German thin-client maker IGEL targets North American market through all-channel strategy

IGEL has been in North America for a while, but the company is now investing considerably more in its key partners and its channel program, to develop a core of elite partners to drive market share growth. They are at Citrix Synergy this week discussing future plans with their partners, who also typically sell Citrix.

Jed Ayres IGEL 300

Jed Ayres, President and CEO of IGEL North America

LAS VEGAS — Bremen, Germany-based IGEL is not a well-known name today in the thin client space in North America. The company ranks seventh in North American shipments, according to IDC, far behind market leaders Dell and HP. They have a realistic strategy to take enough share to get to third behind the two giants however. It is based on better leveraging their channel in North America, investing more in their core partners and their partner program, and differentiating their software that they believe is their primary competitive advantage.

“My task is to raise our profile in North America,” said Jed Ayres, who has just been appointed as President and CEO of IGEL North America. “Today we are number seven in North America, but there is a gap of only 24,000 units to the number three spot, which is far behind Dell and HP. None of the companies between us and the market leaders have a channel program to speak of. We really see that as our opportunity, to build a modern channel program that effectively enables partners to sell our products.”

Ayres said that IGEL differentiates itself by the quality of their solution.

“We are the most expensive solution in the market and we are taking market share,” he said. “The price of the gear isn’t the ultimate deciding factor. We are comfortable there because of the software’s value proposition. When people see the power of the software, and realize this is not commodity hardware, the light goes on. I was hired specifically to elevate that differentiator, which is our workspace management software that comes bundled with all the hardware.”

Ayres said that German reputation for quality product doesn’t hurt them either.

“Everything is assembled and engineered in Germany, although the plan is to move a manufacturing facility into the U.S. as part of our expansion here,” he indicated.

The customer base is all over the map, including a franchise of convenience stores and a group of dialysis centres with 25 locations.

“The real growth, though, is in the enterprise,” Ayres said. “We have a big deal in the banking industry for 20,000 units, our biggest software deal ever.”

Ayres came to IGEL from AppSense, following the announcement of its acquisition by LANDesk, but he had earlier spent over 20 years working on the solution provider side, much of it with large Citrix-focused solution provider MTM Technologies. He is at Citrix Synergy this week to talk with key IGEL partners, who are also Citrix partners as well, to discuss the kinds of changes they want to see in IGEL’s channel program.

IGEL, unlike its competitors in the space, sells completely through channel partners. However, Ayres acknowledged the channel program they have been using in North America badly needs a refresh.

“Today, we have a ‘one size fits all’ program, where you get deal registration and that’s pretty much it,” he said. “The opportunity here is to build out a tiered program with back-end rebates and MDF and additional margin protection for people investing in the company.”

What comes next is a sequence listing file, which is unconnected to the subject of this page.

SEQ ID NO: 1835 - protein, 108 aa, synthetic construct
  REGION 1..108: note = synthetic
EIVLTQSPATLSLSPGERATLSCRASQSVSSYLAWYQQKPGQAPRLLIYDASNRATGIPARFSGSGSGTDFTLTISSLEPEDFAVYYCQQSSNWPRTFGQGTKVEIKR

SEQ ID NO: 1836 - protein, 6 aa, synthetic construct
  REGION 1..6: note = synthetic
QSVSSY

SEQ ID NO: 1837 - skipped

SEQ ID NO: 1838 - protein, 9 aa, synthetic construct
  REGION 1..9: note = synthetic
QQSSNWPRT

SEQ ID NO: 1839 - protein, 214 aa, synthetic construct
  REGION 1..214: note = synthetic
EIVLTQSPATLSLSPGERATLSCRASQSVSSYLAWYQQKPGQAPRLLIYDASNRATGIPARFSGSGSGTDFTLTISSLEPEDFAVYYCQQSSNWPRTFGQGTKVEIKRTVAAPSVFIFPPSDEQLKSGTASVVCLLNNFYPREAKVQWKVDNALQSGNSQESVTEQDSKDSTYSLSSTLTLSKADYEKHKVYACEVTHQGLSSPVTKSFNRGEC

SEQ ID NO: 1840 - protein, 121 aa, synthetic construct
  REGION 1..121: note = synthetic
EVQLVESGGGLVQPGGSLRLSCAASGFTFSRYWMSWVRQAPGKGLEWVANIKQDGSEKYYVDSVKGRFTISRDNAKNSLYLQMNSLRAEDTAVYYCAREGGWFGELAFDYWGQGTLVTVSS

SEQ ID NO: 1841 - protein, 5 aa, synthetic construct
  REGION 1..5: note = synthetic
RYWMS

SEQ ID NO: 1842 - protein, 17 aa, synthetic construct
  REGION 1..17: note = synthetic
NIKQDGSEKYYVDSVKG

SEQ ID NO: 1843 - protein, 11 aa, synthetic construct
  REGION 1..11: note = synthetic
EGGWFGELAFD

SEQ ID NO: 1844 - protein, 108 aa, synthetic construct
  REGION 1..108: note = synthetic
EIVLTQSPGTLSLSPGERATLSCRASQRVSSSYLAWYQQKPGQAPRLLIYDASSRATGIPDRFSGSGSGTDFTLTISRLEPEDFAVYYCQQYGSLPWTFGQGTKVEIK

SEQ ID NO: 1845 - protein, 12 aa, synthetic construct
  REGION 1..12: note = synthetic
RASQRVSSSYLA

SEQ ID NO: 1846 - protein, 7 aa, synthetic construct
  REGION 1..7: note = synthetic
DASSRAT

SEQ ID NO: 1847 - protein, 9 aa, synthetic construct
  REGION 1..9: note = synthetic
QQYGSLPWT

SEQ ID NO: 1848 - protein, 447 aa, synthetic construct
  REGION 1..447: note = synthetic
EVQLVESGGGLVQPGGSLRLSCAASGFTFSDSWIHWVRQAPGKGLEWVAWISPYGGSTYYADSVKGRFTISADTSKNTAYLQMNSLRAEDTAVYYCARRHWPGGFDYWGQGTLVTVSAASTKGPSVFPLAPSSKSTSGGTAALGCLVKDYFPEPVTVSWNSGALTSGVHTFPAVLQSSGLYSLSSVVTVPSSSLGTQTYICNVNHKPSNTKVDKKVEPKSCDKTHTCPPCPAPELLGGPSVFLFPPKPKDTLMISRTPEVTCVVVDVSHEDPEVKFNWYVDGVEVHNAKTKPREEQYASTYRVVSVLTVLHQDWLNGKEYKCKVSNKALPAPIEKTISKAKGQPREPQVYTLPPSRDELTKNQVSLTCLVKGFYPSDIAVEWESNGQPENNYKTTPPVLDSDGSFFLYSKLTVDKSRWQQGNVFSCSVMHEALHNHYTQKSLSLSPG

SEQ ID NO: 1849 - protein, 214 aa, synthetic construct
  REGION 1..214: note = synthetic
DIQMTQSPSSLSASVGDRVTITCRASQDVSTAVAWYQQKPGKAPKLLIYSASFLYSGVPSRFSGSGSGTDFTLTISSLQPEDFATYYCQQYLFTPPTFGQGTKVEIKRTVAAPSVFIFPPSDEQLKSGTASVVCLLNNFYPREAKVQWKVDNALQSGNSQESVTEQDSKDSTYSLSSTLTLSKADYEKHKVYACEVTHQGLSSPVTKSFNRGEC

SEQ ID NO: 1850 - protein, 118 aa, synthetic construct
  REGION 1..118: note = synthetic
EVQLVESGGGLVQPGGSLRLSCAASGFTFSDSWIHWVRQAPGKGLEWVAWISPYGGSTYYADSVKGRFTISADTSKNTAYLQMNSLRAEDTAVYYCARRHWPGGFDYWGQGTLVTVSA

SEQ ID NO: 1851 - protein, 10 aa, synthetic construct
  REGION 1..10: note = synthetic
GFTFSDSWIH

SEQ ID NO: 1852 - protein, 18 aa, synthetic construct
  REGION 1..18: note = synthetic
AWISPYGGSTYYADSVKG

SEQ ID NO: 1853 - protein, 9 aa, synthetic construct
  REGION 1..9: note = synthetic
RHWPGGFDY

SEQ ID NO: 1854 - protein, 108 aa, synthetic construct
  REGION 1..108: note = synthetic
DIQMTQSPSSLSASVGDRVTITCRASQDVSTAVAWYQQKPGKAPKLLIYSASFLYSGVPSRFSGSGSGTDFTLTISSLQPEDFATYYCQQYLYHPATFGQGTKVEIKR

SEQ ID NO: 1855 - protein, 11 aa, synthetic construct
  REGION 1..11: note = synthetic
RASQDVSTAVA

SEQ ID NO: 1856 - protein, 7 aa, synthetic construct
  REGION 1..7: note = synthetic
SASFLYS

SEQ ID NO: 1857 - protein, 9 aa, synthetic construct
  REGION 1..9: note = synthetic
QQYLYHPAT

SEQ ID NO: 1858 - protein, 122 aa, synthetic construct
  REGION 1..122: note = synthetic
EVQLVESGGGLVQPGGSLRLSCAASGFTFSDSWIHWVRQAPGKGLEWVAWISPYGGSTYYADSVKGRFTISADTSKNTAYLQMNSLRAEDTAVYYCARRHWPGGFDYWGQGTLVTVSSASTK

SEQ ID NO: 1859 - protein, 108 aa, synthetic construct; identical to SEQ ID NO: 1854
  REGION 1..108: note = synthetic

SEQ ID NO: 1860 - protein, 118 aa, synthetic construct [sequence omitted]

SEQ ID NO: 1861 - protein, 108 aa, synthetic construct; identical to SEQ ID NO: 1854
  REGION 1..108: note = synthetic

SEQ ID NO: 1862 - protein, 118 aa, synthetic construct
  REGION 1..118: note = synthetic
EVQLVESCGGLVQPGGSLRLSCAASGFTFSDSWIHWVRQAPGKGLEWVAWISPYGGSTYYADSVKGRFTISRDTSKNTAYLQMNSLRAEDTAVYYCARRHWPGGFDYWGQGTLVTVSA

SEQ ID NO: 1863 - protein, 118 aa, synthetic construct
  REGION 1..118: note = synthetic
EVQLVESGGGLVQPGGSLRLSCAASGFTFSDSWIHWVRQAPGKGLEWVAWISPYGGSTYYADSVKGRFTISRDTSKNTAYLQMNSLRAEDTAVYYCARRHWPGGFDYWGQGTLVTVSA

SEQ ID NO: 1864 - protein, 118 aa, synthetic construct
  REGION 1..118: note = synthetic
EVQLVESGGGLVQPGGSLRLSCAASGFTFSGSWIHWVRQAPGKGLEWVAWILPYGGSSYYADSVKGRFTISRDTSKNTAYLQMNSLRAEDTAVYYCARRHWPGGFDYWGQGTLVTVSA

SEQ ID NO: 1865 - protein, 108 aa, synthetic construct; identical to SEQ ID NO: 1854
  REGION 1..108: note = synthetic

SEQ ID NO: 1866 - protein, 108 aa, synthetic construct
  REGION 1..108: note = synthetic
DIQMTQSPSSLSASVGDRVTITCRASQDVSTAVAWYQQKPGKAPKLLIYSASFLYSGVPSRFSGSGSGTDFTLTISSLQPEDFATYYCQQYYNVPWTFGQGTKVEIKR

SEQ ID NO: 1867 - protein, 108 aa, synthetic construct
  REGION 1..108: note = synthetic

Ayres indicated the plan isn’t to recruit a bunch of new partners.

“We already have the partners we need,” he said. “We need to pick the right ones and double down on them. That’s why I’m meeting with them here at Synergy. We are working on how to shape the next generation of the program to accelerate partner growth, with what is essentially an informal partner council. We have been getting good feedback.”

Ayres said that are looking at about a dozen Platinum partners, who they will invest in ahead of revenue.

For more transactional partners, they will leverage distribution, which the company has always used.

“We have a good relationship with both Synnex and Ingram Micro, and are looking to get more leverage from both relationships,” he said. “It’s very clear they can help us scale and provide a lot of value-added services these days.”

Ayres said the value proposition for partners is a good one.

“Partners make 15 per cent plus selling our product, and for hardware today, that’s pretty good,” he said. “Some partners are also doing interesting deals around ‘devices-as-a-service.’ These aren’t MSPs, but traditional partners who have made that pivot. Endpoints-as-a-service are an interesting frontier.”

In Canada, IGEL’s market coverage is not yet well developed.

“We are doing some work, through Ingram, and we have a rep who covers that market, but it’s pretty opportunistic,” Ayres said. “There is some basic organizational structure we need to put in place over the next six months. 2017 is when we would put someone on the ground in Canada and make a bigger effort at an entrée into that market.”

Overall, Ayres said improving IGEL’s marketing message for the North American market has become a top priority.

“We are driving our global marketing message in English first, and then in German, whereas everything in the past has been the other way around,” he said. “Simplifying the message will empower our partners. We have a warehouse in Cincinnati and a small office in New York now, but we will be putting a larger office in San Francisco and will be building a marketing centre of excellence there.

“People in North America will know who IGEL is by this time next year,” Ayres stated.